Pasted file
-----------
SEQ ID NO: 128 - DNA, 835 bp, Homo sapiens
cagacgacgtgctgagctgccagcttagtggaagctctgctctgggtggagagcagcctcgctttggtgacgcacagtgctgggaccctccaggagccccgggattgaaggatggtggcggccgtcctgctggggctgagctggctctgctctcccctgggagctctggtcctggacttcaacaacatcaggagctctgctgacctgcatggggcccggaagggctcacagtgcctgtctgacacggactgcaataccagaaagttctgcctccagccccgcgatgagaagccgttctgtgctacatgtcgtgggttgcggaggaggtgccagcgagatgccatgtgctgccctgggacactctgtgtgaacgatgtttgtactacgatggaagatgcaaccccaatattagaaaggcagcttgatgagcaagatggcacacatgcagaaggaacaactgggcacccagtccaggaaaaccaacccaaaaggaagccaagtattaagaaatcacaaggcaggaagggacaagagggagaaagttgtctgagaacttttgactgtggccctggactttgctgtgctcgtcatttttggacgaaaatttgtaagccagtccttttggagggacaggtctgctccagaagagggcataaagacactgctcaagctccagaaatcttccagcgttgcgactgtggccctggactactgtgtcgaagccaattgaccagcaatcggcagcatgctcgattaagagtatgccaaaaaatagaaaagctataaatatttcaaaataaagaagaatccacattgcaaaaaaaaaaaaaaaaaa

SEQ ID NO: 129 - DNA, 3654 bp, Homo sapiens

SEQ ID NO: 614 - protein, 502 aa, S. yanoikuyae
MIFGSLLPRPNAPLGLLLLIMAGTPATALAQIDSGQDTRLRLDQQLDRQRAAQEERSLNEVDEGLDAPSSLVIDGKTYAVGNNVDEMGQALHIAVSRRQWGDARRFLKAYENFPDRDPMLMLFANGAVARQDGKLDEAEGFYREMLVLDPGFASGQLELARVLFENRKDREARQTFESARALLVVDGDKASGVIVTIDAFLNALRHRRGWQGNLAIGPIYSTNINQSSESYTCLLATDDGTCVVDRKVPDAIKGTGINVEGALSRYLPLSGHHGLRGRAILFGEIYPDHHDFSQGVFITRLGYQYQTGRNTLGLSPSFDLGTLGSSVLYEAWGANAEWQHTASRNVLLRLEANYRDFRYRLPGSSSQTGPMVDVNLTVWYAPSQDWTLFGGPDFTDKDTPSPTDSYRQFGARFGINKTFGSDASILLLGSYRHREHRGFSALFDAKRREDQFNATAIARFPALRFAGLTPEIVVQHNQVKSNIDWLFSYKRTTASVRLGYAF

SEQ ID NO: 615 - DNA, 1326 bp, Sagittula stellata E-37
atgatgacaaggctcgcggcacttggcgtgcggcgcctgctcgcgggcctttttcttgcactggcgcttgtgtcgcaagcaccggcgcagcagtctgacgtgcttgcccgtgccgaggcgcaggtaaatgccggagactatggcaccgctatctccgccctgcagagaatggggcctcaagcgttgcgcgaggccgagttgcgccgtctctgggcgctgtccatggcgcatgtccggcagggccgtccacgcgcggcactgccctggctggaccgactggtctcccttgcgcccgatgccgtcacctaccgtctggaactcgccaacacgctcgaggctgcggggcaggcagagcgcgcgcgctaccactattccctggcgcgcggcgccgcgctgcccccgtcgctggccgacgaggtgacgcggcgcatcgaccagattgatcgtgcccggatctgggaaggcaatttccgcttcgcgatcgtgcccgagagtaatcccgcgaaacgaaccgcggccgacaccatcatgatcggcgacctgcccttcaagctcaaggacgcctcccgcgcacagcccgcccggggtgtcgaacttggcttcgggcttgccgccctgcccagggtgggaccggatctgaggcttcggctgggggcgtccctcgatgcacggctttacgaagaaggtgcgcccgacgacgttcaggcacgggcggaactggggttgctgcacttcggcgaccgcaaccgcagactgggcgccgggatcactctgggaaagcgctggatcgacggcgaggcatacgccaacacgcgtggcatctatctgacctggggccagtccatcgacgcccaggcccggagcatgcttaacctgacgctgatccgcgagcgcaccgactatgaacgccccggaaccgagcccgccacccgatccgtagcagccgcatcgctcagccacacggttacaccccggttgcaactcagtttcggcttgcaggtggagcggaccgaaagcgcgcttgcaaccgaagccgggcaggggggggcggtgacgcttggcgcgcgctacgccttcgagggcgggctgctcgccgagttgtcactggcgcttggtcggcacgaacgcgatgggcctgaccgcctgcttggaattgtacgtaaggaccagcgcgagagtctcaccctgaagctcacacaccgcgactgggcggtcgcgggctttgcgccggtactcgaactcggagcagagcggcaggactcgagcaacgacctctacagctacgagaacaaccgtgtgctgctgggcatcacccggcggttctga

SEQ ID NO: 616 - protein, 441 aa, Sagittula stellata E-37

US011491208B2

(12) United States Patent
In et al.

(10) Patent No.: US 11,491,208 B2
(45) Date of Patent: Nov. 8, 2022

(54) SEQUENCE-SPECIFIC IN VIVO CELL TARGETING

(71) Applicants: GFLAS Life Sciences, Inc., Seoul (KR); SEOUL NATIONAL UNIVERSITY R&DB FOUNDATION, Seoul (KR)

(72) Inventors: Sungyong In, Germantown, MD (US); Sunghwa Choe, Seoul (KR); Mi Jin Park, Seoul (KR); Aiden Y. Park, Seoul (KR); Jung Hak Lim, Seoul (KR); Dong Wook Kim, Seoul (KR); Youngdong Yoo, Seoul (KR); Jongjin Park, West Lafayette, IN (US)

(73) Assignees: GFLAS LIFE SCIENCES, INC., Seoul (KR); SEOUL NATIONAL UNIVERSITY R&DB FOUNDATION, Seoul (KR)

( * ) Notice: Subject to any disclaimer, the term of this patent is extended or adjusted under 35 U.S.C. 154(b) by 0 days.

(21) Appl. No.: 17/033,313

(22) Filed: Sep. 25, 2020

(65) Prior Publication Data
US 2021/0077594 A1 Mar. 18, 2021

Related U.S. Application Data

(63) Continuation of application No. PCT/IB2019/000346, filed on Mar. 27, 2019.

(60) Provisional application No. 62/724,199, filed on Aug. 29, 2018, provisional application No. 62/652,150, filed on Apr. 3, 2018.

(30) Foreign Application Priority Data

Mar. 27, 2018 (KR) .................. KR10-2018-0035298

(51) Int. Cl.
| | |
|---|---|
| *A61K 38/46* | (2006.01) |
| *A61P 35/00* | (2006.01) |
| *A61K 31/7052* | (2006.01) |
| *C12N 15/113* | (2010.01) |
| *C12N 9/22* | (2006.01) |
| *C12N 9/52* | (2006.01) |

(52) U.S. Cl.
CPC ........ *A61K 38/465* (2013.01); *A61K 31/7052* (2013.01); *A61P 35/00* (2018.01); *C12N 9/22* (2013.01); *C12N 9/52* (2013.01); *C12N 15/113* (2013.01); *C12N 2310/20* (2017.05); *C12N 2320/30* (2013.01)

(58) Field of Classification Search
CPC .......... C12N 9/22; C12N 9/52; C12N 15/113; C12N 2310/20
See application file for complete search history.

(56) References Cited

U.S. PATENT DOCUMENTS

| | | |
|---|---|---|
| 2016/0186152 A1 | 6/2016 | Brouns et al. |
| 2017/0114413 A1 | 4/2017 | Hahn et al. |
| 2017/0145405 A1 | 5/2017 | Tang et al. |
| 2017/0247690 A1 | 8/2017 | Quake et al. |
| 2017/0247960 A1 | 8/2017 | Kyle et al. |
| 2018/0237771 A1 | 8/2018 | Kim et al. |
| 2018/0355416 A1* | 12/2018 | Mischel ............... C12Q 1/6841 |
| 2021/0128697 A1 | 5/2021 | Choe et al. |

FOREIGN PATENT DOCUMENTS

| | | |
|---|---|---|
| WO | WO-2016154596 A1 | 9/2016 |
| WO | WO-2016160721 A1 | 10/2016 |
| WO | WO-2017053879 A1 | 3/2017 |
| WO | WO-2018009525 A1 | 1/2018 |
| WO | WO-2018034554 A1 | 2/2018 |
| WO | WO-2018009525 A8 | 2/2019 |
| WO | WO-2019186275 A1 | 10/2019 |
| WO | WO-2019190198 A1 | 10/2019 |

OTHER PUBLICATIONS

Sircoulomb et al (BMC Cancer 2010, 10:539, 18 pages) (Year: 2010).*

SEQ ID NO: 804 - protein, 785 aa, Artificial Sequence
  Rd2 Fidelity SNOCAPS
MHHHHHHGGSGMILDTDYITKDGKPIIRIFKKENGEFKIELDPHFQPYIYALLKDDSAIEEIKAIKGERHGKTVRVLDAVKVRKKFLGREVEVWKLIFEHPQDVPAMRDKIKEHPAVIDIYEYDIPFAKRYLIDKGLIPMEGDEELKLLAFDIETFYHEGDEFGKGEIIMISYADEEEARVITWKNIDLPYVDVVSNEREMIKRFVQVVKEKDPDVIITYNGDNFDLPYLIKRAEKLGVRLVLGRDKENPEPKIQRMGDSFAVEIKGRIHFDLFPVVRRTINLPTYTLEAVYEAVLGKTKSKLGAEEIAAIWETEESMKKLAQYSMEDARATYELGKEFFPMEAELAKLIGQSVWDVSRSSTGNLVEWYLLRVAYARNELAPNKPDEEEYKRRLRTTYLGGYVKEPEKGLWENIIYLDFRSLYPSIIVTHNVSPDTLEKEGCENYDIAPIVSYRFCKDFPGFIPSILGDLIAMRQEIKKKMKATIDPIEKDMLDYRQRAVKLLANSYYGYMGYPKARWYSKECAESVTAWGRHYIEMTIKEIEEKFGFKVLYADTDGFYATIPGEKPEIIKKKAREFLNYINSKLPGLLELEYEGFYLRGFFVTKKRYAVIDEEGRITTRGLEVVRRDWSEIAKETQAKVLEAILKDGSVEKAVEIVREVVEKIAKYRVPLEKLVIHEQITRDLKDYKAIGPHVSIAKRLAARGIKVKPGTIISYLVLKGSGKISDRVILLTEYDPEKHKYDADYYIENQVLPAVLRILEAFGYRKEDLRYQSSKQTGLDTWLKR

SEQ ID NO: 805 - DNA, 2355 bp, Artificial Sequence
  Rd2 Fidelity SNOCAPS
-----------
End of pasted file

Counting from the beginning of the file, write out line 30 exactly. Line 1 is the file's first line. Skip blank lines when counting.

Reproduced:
|---|---|